Please use this identifier to cite or link to this item: http://hdl.handle.net/2122/2955
AuthorsRovelli, A.* 
Scognamiglio, L.* 
Marra, F.* 
Caserta, A.* 
TitleEdge-Diffracted 1-Sec Surface Waves Observed in a Small-Size
Issue DateDec-2001
Series/Report no.6/91(2001)
URIhttp://hdl.handle.net/2122/2955
KeywordsSedimentary basin
Colfiorito earrthquake
Subject Classification04. Solid Earth::04.06. Seismology::04.06.09. Waves and wave analysis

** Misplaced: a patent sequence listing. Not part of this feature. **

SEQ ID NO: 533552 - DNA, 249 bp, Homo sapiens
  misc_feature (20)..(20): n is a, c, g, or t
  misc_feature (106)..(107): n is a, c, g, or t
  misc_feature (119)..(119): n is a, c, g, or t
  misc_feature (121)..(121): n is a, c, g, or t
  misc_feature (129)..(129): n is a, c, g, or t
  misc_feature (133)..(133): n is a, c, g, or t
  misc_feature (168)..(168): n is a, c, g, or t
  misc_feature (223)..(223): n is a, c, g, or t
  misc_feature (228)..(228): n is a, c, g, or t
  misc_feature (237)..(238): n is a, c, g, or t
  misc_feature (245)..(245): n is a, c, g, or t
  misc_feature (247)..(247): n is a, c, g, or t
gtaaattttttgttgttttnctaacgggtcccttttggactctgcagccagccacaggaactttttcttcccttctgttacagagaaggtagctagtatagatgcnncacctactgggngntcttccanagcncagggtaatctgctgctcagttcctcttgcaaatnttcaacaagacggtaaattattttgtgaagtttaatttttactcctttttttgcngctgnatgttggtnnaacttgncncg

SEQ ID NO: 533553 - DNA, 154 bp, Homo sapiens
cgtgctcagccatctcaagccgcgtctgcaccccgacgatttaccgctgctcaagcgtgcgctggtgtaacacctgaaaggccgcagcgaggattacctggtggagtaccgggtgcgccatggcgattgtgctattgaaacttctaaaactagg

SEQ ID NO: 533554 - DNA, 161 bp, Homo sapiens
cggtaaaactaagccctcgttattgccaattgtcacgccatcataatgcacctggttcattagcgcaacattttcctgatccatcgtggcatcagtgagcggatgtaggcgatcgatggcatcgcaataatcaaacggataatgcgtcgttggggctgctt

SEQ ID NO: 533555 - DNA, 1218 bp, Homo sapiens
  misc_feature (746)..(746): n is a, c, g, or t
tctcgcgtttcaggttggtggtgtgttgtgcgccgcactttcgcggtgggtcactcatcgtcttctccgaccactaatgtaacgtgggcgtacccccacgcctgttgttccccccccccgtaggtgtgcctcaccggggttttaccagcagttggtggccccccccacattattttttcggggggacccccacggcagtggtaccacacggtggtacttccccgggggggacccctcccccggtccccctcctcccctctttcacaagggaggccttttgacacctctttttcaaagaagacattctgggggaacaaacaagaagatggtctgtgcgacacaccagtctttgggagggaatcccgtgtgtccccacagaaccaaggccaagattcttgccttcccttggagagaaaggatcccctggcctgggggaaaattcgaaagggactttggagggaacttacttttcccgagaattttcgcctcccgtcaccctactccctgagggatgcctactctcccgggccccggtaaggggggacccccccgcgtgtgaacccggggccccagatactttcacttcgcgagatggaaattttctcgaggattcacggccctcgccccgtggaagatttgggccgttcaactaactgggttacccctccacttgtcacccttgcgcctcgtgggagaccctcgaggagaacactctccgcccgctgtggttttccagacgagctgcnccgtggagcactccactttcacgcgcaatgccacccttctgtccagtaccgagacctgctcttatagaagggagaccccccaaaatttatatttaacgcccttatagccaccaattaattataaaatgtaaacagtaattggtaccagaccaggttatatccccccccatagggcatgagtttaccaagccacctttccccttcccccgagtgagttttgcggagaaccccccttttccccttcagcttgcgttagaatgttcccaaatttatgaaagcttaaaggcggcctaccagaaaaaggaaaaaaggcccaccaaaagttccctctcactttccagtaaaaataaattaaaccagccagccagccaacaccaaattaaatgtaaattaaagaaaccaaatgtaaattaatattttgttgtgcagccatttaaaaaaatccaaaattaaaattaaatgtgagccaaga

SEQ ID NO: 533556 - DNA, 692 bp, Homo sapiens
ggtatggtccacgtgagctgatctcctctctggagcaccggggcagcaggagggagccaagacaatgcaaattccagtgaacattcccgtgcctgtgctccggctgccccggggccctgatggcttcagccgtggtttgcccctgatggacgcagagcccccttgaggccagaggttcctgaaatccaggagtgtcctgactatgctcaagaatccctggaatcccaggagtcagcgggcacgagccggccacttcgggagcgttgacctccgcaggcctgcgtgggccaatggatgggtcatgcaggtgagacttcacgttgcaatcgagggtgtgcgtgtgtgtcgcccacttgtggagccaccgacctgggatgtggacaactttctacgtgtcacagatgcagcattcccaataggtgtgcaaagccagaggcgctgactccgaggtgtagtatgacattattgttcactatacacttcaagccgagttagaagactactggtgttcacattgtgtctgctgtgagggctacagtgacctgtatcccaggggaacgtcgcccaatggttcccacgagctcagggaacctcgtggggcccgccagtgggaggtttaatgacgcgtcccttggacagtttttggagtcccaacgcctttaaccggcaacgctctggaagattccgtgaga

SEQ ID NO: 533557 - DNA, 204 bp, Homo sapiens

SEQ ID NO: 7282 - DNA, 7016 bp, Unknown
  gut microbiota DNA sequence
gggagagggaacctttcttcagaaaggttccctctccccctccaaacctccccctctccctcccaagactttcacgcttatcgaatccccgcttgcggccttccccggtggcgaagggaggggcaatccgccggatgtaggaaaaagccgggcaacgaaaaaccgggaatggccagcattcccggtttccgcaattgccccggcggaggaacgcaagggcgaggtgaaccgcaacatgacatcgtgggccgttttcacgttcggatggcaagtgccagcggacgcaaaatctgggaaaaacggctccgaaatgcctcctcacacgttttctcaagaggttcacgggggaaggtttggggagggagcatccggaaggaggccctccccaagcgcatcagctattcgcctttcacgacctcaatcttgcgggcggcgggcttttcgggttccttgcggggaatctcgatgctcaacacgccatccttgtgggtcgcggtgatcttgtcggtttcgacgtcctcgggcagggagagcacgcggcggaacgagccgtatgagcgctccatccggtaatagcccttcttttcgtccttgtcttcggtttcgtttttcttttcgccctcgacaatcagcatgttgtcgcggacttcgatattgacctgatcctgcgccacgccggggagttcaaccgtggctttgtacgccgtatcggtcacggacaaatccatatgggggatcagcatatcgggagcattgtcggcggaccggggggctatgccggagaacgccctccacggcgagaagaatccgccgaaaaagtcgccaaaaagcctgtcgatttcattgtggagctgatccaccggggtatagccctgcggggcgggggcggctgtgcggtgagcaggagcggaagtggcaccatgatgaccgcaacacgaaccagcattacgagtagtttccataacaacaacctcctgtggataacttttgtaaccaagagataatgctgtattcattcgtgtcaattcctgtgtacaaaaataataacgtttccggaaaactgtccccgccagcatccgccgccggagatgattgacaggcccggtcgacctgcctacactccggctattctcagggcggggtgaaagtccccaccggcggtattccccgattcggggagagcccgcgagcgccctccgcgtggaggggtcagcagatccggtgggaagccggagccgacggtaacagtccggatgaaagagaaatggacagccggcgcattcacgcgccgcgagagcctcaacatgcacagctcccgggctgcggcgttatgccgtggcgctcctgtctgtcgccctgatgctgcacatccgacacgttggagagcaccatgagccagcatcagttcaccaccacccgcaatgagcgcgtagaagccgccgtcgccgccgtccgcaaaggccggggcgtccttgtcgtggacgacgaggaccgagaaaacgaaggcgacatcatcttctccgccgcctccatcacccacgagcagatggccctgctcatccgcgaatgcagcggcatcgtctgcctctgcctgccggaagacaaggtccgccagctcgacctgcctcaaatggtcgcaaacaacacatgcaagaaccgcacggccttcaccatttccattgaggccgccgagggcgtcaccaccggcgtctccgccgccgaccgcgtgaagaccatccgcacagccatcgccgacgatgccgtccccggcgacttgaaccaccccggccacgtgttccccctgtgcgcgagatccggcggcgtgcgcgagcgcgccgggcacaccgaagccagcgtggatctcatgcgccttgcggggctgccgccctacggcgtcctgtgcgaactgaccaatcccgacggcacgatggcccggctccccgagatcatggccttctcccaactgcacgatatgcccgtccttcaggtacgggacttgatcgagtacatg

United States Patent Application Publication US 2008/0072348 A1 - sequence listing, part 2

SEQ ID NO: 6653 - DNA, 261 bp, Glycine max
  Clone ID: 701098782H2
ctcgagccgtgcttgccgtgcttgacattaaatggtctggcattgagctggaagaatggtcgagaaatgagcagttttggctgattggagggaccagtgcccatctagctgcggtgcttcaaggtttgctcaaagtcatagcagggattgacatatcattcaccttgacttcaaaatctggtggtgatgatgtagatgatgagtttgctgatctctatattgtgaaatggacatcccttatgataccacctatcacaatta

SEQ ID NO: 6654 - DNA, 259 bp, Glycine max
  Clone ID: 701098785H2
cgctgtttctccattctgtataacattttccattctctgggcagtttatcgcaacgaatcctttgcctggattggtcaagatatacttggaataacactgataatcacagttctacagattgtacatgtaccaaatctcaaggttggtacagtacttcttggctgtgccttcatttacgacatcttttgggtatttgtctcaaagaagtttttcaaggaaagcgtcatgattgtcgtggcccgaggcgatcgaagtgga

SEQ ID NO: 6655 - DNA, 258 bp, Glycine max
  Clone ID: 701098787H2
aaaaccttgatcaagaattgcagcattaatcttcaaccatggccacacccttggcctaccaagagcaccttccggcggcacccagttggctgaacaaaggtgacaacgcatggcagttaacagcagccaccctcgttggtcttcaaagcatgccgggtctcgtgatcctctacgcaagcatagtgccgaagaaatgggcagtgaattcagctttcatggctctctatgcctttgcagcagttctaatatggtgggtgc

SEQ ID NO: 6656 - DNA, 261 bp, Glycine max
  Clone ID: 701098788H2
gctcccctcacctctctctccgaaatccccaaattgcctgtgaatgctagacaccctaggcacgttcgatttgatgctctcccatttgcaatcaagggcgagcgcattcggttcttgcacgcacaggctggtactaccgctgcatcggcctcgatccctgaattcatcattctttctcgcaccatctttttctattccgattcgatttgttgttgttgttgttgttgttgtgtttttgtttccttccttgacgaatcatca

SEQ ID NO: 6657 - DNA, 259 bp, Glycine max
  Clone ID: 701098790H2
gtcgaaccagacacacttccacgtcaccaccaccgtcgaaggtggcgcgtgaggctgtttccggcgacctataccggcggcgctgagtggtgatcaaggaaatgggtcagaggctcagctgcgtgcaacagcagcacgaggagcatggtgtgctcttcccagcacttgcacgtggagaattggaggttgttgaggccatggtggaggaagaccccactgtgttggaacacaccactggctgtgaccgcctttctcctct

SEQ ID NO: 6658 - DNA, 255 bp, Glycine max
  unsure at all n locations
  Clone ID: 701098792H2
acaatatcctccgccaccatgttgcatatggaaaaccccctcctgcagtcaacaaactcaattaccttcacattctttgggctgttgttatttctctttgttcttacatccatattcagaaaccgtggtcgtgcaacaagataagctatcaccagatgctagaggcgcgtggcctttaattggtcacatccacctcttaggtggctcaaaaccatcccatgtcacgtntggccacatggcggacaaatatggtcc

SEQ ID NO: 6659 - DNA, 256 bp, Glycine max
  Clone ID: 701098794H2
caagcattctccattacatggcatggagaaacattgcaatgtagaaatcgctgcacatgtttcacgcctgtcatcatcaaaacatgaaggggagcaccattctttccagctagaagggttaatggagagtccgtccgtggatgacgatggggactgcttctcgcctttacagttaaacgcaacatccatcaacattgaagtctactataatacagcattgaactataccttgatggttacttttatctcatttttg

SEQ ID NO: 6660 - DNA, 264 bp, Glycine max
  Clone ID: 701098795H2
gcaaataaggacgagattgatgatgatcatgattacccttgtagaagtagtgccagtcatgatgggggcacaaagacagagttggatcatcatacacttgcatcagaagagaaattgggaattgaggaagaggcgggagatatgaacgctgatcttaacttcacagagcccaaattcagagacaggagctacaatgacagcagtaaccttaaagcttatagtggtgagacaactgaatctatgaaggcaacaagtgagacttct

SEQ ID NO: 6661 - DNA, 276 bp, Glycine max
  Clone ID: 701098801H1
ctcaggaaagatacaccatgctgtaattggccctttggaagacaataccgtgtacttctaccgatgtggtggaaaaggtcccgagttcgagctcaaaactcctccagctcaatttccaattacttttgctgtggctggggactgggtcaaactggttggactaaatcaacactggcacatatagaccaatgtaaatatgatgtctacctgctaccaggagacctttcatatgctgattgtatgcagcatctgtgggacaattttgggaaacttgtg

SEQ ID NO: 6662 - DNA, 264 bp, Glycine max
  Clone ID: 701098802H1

AbstractDuring the Umbria-Marche, central Italy seismic sequence a smallaperture (200 m), four-station array was operating in the Colfiorito plain, a few kilometers away from the epicenters of the ML 5.6 and 5.8 mainshocks of 26 September 1997. The array was deployed approximately 500 m from the eastern edge of the basin. We analyze the three-component seismograms of 12 aftershocks, in a magnitude range of 2.5 to 4.1. Amplitudes of the horizontal components are systematically higher than those of the vertical component, with an average horizontal-tovertical spectral ratio of about 3 at 1 Hz. In this frequency band, earthquake-induced ground shaking is highly coherent across the array. A 1-sec running window zerolag cross-correlation algorithm is used to compute apparent velocity and backazimuth of coherent wave trains in the frequency band 0.5 to 2 Hz. Apparent velocity and backazimuth show a different behavior in the first part of the seismograms compared to the late coda. The largest amplitude waves, that is, S waves and early coda, are characterized by low apparent velocities, mostly between 400 and 1200 m/sec. This suggests that, near the rock edge, the most significant part of seismic energy propagates horizontally in the basin. Backazimuth of these low-frequency, coherent wavetrains never coincides with the array-to-source direction. The predominant backazimuth is peaked around N110", corresponding to the nearest, steep outcrop of the basin edge. The observed 1-sec coherent wave trains are interpreted as locally generated surface waves that are persistently diffracted from the nearby basin edge as long as a significant level of seismic radiation is incident to the bedrock. When the bedrock excitation decreases a much larger variability of both apparent velocity and backazimuth is observed, suggesting that, in the coda, randomly scattered waves within the basin and late arrivals of deeper origin become more important. Multipathing from the source to the site as well as multipathing within the basin are therefore interpreted as the main causes of the observed long-duration, coherent lowfrequency basin shaking.
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